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Utah officials ask Supreme Court to hear challenge to same-sex marriage ban


As expected, Utah officials have filed a petition in the Supreme Court asking the Justices to review the Tenth Circuit’s decision in Kitchen v. Herbert.

The Utah case is the first same-sex marriage case to reach the Court after its decision last year in United States v. Windsor striking down Section 3 of the federal Defense of Marriage Act (DOMA).

The petition frames the issue as uniquely important, no matter the outcome: “It comes down to this: thousands of couples are unconstitutionally being denied marriage, or millions of voters are being disenfranchised of their vote to define marriage.”

“Either way,” the petition says, the Court should step in, and “this case is the proper vehicle to do so.”

Framed this way, the officials are able to make the argument that the case is worthy of Supreme Court review, and a momentous ruling would be handed down either way.

Defendants in two other marriage cases, from Virginia and Oklahoma, have promised to file petitions in the Supreme Court.

EqualityOnTrial is here in Cincinnati to cover the next set of marriage cases in the Sixth Circuit Court of Appeals. Tomorrow, the appeals court will hear six cases challenging same-sex marriage bans and non-recognition provisions from four states.

Thanks to Equality Case Files for these filings


  • 1. SethInMaryland  |  August 5, 2014 at 2:07 pm

    good i was hopeing kitchens would be the first and i hope the court accepts this case

  • 2. brandall  |  August 5, 2014 at 2:13 pm

    AG says Virginia will file their request for cert at the Supreme Court this Friday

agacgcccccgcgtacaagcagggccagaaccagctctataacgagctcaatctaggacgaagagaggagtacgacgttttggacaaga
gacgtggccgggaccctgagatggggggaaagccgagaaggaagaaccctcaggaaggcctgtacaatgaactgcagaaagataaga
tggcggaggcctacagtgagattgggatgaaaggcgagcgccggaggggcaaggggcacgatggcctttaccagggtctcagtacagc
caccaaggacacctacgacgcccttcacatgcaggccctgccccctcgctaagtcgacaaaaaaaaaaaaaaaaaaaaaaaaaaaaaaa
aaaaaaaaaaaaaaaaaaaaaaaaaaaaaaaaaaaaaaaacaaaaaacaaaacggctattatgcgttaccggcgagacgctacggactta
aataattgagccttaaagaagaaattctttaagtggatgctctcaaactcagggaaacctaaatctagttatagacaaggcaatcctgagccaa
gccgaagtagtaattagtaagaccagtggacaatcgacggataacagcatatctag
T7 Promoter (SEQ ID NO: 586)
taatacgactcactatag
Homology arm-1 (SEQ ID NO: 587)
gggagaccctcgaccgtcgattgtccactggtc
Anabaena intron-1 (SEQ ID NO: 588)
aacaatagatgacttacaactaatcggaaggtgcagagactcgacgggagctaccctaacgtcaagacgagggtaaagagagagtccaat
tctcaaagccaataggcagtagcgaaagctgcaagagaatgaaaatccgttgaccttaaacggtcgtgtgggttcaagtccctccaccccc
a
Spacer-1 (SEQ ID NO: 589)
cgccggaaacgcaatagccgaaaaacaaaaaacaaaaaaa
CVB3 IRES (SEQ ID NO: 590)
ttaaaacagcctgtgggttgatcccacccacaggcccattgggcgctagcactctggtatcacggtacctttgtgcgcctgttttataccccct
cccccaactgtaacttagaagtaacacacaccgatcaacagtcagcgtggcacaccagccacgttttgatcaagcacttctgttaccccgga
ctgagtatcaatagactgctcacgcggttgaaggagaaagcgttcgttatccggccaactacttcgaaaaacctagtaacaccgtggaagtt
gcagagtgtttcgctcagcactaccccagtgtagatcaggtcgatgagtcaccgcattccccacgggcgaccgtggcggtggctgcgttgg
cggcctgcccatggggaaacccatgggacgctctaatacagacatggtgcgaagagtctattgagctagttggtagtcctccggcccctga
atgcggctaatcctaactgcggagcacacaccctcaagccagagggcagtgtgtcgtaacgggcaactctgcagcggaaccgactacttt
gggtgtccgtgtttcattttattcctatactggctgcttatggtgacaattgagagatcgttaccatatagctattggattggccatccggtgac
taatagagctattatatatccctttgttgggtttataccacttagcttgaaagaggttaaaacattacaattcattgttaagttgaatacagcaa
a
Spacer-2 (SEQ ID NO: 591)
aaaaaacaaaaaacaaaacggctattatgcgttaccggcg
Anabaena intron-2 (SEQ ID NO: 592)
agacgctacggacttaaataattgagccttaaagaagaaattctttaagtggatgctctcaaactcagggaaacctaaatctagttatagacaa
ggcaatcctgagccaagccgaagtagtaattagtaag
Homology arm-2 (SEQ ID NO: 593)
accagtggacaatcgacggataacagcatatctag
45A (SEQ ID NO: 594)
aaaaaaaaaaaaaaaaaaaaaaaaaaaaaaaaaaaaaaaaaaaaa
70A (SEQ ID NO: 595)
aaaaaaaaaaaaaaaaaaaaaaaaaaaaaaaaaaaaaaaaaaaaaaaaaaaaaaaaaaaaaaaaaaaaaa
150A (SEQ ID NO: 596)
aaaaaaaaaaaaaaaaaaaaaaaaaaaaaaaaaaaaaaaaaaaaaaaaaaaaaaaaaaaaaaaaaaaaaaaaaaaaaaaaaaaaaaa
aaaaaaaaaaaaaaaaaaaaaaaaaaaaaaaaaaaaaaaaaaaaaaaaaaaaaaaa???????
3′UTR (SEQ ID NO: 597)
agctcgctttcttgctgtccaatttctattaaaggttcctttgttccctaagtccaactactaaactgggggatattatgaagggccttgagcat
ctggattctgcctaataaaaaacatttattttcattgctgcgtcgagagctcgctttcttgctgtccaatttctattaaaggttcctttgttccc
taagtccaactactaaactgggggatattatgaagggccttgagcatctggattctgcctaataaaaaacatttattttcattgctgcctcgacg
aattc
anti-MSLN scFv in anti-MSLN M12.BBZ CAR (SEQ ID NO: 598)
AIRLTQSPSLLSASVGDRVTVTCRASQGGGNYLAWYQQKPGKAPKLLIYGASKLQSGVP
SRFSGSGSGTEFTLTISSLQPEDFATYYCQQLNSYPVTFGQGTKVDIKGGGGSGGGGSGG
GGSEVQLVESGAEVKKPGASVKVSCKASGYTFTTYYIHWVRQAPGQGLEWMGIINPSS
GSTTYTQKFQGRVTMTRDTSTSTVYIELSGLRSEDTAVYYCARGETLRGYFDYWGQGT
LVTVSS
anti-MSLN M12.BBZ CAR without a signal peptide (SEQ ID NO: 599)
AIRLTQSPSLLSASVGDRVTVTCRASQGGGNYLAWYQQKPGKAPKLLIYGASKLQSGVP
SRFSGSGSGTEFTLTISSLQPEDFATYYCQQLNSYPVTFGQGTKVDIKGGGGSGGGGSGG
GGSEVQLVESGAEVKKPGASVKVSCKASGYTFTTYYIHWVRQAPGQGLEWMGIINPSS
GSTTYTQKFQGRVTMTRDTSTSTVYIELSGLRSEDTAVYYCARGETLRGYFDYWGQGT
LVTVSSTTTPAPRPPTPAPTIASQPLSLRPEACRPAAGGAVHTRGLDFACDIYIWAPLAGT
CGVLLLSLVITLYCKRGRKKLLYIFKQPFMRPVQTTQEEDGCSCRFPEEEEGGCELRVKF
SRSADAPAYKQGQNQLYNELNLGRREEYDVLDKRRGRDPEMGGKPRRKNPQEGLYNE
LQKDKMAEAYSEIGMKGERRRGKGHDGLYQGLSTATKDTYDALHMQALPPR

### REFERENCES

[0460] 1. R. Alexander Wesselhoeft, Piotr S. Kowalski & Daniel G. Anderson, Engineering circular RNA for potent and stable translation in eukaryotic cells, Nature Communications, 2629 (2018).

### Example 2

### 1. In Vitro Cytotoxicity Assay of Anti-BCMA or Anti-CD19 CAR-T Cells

It's like they are all racing to get in quickly!

  • 3. JayJonson  |  August 5, 2014 at 3:48 pm

    Unfortunately, Attorney General Herring is asking for a stay pending cert.

  • 4. Rick55845  |  August 5, 2014 at 3:06 pm

    “It comes down to this: thousands of couples are unconstitutionally being denied marriage, or millions of voters are being disenfranchised of their vote to define marriage.”

    We number more than thousands.

    Voters don't have the right to define marriage. It is a fundamental right.

  • 5. Sagesse  |  August 5, 2014 at 6:00 pm

    “It comes down to this: thousands of couples are unconstitutionally being denied marriage, or millions of voters are being disenfranchised of their vote to define marriage.”

    I also find the second half of that sentence cringe-worthy (cringe-inducing?). No one's 'franchise' includes the right to vote on other people's constitutional rights.

  • 6. debater7474  |  August 5, 2014 at 3:09 pm

    I hope the court chooses Bostic. I'd rather have the considerable resources of Boies, Olson, and their massive firms at our disposable than have our entire movement rest on a small firm out of Utah. The stakes are too high.

  • 7. Jen_in_MI  |  August 5, 2014 at 3:46 pm

    Even though the timing won't work, I wish DeBoer would be heard, because that's the only case since Prop 8 where a full trial was conducted.

  • 8. Ragavendran  |  August 5, 2014 at 9:10 pm

    There is a slim chance that a petition for cert before judgment is filed in DeBoer (and other cases) and the Court grants cert (if it chooses to take up Kitchen/Bishop/Bostic). As Windsor demonstrated, it is not just the losing party at the lower court that can file for cert before judgment. Either party can.

  • 9. Dr. Z  |  August 6, 2014 at 7:48 am

    The court can still take note of the findings of fact in DeBoer.

  • 10. brandall  |  August 5, 2014 at 4:22 pm

    There is nothing to prevent the case(s) taken up by SCOTUS teaming with Boies and Olson. Kitchen already includes the NCLR.

  • 11. Rik_SD  |  August 5, 2014 at 5:51 pm

    think they might consolidate resources?

  • 12. brandall  |  August 5, 2014 at 5:57 pm

    Highly likely. AFER has both Boies and Olson's law firms behind them. An incredible amount of resources and money. See the "Case Against 8" on HBO if you have a chance.

  • 13. Rik_SD  |  August 5, 2014 at 6:03 pm

    watched it with my family and boyfriend over the 4th of July. Incredible!

  • 14. debater7474  |  August 5, 2014 at 6:49 pm